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Photo Courtesy of City of Oakland Park

Oakland Park Fire Rescue Promotes City’s First Female Battalion Chief

Monica Maldonado

(Content Courtesy of City of Oakland Park)

Oakland Park Fire Rescue Chief Stephen Krivjanik proudly announces the recent promotion of Monica Maldonado, the City’s first female Captain to Battalion Chief.

Battalion Chief Monica Maldonado (Haitian/Lebanese and Puerto Rican) began her career with the Oakland Park Fire Department in 2006. She rose in the ranks as Rescue Supervisor, Lieutenant, EMS & Professional Development Captain (Oakland Park Fire Rescue’s First Female Captain), and now Battalion Chief.

Chief Maldonado’s new badge was officially pinned to her uniform by her father with her family on hand for the promotional ceremony.

Her achievements also include a Bachelor’s degree in Public Administration from Barry University and acceptance in their Master’s Program (first in her family to receive a college education). She is certified as both Fire Officer II and Fire Instructor II, and she is a Live Fire Instructor, ALS, and BLS Instructor, and a member of the faculty at Broward Fire Academy.

The American Red Cross awarded Chief Maldonado its National Humanitarian Award for her relief efforts to the Florida Keys and Bahamas after Hurricane Irma in 2017.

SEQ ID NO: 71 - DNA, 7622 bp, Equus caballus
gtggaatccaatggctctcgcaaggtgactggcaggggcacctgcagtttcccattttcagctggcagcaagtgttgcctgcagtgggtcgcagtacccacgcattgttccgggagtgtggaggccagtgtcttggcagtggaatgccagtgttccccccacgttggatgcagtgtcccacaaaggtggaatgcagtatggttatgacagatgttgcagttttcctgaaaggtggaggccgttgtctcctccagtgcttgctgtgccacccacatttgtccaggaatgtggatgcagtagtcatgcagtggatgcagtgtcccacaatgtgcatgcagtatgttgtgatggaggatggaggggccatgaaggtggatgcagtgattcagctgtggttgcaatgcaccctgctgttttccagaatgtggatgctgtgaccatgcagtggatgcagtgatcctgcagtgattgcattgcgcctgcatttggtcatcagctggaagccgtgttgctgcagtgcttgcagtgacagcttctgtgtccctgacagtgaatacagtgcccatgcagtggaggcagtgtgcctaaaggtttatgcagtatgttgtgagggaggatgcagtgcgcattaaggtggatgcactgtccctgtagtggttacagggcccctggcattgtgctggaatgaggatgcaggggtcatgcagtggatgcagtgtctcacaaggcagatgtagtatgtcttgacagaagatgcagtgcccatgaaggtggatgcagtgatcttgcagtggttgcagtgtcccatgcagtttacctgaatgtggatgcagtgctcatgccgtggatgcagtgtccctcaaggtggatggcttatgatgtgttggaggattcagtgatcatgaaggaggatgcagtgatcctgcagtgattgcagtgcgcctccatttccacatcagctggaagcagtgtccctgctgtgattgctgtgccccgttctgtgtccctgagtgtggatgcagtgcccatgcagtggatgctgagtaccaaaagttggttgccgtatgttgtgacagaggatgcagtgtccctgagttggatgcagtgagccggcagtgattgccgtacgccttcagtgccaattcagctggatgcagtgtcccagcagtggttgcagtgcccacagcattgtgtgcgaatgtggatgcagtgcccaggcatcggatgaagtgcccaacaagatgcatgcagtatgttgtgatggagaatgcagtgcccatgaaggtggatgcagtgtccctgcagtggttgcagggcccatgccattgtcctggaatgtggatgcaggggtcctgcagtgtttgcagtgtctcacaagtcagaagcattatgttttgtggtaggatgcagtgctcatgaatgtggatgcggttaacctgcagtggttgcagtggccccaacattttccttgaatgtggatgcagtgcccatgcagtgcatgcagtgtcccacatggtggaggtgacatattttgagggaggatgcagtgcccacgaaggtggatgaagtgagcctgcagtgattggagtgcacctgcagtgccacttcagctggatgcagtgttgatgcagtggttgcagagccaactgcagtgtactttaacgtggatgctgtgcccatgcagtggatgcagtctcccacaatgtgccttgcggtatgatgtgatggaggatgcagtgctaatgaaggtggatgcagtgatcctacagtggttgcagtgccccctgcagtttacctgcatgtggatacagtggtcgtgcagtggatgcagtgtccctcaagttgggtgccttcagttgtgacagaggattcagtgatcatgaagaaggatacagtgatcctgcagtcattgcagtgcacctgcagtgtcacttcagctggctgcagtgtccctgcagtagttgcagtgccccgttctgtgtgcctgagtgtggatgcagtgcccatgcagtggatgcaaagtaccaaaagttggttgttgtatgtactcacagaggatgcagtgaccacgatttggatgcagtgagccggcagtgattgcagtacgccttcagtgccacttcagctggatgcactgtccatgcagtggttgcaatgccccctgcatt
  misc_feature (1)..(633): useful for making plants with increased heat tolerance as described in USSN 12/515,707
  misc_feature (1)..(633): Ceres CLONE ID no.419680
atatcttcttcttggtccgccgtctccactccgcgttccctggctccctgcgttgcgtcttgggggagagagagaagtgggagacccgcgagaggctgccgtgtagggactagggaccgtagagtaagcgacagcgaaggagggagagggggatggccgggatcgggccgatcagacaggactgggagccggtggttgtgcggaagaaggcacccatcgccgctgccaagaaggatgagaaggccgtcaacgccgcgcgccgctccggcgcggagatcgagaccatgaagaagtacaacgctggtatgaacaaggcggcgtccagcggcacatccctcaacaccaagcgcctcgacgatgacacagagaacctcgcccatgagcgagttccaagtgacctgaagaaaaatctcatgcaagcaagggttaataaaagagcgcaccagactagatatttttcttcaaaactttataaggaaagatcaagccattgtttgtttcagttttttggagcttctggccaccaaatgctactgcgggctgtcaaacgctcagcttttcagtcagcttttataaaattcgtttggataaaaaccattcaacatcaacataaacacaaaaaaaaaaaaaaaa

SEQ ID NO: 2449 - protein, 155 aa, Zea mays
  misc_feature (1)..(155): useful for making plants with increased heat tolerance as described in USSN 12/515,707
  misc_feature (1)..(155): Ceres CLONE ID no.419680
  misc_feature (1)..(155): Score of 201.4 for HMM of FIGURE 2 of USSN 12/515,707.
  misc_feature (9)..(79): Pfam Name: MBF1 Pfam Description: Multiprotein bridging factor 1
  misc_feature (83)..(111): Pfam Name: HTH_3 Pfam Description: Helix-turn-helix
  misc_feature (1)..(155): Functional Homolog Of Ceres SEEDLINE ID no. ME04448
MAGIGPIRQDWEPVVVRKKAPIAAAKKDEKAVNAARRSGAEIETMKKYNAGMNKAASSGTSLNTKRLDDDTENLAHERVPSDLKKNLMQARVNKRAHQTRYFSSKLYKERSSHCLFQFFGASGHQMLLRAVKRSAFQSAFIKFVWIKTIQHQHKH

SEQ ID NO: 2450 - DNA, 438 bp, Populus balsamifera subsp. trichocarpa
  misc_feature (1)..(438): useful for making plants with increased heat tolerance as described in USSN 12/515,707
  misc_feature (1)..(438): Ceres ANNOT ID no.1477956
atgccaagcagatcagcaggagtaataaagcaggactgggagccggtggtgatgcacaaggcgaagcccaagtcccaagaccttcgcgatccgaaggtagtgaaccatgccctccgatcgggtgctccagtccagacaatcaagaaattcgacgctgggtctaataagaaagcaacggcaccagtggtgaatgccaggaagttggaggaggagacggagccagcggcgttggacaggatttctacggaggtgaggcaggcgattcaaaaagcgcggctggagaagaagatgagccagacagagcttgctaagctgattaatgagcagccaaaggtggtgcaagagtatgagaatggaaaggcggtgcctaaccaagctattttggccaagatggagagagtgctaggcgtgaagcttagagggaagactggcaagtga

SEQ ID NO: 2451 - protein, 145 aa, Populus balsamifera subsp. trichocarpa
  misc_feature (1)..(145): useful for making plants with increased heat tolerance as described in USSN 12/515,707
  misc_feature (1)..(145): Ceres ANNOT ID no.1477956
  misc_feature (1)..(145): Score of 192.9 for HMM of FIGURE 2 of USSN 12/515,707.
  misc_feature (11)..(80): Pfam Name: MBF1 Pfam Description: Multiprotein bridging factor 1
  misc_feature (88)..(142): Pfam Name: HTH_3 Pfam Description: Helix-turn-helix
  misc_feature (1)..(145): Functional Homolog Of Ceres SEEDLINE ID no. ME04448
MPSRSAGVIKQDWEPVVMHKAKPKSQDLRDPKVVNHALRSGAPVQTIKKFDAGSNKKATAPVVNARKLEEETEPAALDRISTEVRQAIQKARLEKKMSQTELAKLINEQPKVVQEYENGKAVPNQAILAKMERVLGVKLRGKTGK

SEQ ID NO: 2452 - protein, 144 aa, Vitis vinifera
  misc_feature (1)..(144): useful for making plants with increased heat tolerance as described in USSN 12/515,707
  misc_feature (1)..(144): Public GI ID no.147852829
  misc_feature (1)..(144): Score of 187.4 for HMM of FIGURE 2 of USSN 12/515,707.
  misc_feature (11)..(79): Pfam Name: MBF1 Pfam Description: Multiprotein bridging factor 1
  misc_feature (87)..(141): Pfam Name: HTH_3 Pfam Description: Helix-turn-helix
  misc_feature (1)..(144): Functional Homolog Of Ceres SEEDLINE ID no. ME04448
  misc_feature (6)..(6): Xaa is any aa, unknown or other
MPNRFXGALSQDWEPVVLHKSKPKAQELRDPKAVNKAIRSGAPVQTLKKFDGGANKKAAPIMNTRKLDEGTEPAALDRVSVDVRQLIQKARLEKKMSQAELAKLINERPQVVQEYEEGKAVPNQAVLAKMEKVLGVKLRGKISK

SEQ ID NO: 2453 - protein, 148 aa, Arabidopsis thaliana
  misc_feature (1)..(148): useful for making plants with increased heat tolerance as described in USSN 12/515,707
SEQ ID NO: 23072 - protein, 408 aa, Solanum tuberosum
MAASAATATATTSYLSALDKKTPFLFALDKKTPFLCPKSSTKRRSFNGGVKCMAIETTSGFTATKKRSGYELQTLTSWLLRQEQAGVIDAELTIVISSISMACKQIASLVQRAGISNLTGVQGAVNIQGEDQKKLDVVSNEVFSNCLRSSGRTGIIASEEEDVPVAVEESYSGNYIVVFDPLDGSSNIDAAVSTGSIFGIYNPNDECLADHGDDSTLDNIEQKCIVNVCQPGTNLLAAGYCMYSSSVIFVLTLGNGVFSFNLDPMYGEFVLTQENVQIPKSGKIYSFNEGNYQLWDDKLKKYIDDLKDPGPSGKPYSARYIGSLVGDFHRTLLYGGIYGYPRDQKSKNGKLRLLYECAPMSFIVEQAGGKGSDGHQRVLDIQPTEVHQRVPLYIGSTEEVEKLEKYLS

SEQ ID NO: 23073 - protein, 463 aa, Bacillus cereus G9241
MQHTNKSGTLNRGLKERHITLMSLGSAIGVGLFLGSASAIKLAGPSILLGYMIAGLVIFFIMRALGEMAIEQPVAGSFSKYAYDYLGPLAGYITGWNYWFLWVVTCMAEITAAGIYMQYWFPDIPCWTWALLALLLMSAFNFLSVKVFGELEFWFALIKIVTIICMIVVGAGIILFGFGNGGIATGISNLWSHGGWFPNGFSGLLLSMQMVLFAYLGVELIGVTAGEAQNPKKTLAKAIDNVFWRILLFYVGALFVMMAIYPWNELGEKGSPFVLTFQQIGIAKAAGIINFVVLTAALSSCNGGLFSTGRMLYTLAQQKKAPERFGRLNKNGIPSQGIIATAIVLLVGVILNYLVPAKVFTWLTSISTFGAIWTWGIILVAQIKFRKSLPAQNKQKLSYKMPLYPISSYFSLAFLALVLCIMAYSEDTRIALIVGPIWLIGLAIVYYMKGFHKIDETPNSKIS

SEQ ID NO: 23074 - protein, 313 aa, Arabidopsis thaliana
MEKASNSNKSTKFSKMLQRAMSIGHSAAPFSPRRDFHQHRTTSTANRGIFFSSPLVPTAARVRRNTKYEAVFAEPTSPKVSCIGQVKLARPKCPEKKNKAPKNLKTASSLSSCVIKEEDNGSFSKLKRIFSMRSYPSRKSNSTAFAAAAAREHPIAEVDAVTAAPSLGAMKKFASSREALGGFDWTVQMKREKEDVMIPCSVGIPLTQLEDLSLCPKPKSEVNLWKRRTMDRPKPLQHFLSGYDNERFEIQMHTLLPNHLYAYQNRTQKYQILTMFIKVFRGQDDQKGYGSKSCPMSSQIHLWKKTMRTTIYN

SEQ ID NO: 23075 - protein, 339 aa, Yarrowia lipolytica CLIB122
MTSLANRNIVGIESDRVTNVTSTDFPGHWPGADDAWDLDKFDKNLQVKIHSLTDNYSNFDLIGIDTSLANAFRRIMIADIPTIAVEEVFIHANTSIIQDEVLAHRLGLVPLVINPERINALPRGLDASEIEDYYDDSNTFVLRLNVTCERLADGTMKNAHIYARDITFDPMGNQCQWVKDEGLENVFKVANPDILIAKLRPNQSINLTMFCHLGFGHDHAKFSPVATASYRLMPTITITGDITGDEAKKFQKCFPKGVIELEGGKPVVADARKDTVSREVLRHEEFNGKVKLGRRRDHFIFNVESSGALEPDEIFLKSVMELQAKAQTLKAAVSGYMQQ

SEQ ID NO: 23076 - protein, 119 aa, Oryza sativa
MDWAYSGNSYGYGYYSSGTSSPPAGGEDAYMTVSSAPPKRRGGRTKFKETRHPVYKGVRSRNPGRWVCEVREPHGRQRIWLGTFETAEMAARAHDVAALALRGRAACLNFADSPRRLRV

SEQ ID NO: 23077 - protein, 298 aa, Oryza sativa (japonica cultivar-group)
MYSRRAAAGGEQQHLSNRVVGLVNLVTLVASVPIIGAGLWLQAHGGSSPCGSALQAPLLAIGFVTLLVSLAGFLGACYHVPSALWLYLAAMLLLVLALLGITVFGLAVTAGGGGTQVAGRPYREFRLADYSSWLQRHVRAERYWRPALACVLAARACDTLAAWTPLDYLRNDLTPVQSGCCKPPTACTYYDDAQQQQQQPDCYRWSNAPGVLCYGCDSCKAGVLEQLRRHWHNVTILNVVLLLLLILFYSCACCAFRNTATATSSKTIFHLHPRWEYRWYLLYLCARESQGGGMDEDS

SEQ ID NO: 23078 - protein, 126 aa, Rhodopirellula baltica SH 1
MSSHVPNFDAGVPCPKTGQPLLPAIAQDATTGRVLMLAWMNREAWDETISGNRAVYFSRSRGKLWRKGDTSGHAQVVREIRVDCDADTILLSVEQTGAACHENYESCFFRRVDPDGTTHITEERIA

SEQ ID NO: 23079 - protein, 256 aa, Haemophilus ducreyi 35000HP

Oakland Park Fire Rescue
Photo Courtesy of City of Oakland Park

“I am incredibly proud of the achievements of Battalion Chief Maldonado and Chief Krivjanik’s commitment to equality and diversity among his rank and file,” said City Manager David Hebert. “Taking a moment to celebrate true accomplishments and achievement is something we long for.”

“Congratulations to the City of Oakland Park to ensure you have diversity and inclusion in your Fire Department,” added Broward County Mayor Dale Holness.

Broward County Commissioner Lamar Fisher attended the ceremony and remarked he was “honored to be able to witness history.”

Representatives from the cities of Fort Lauderdale and Margate were also in attendance.

According to “Women in Fire,” approximately 6,200 women currently work as full-time firefighters and officers in the United States. Several hundred hold the rank of lieutenant or captain, and only about 150 are district chiefs, battalion chiefs, division chiefs, or assistant chiefs.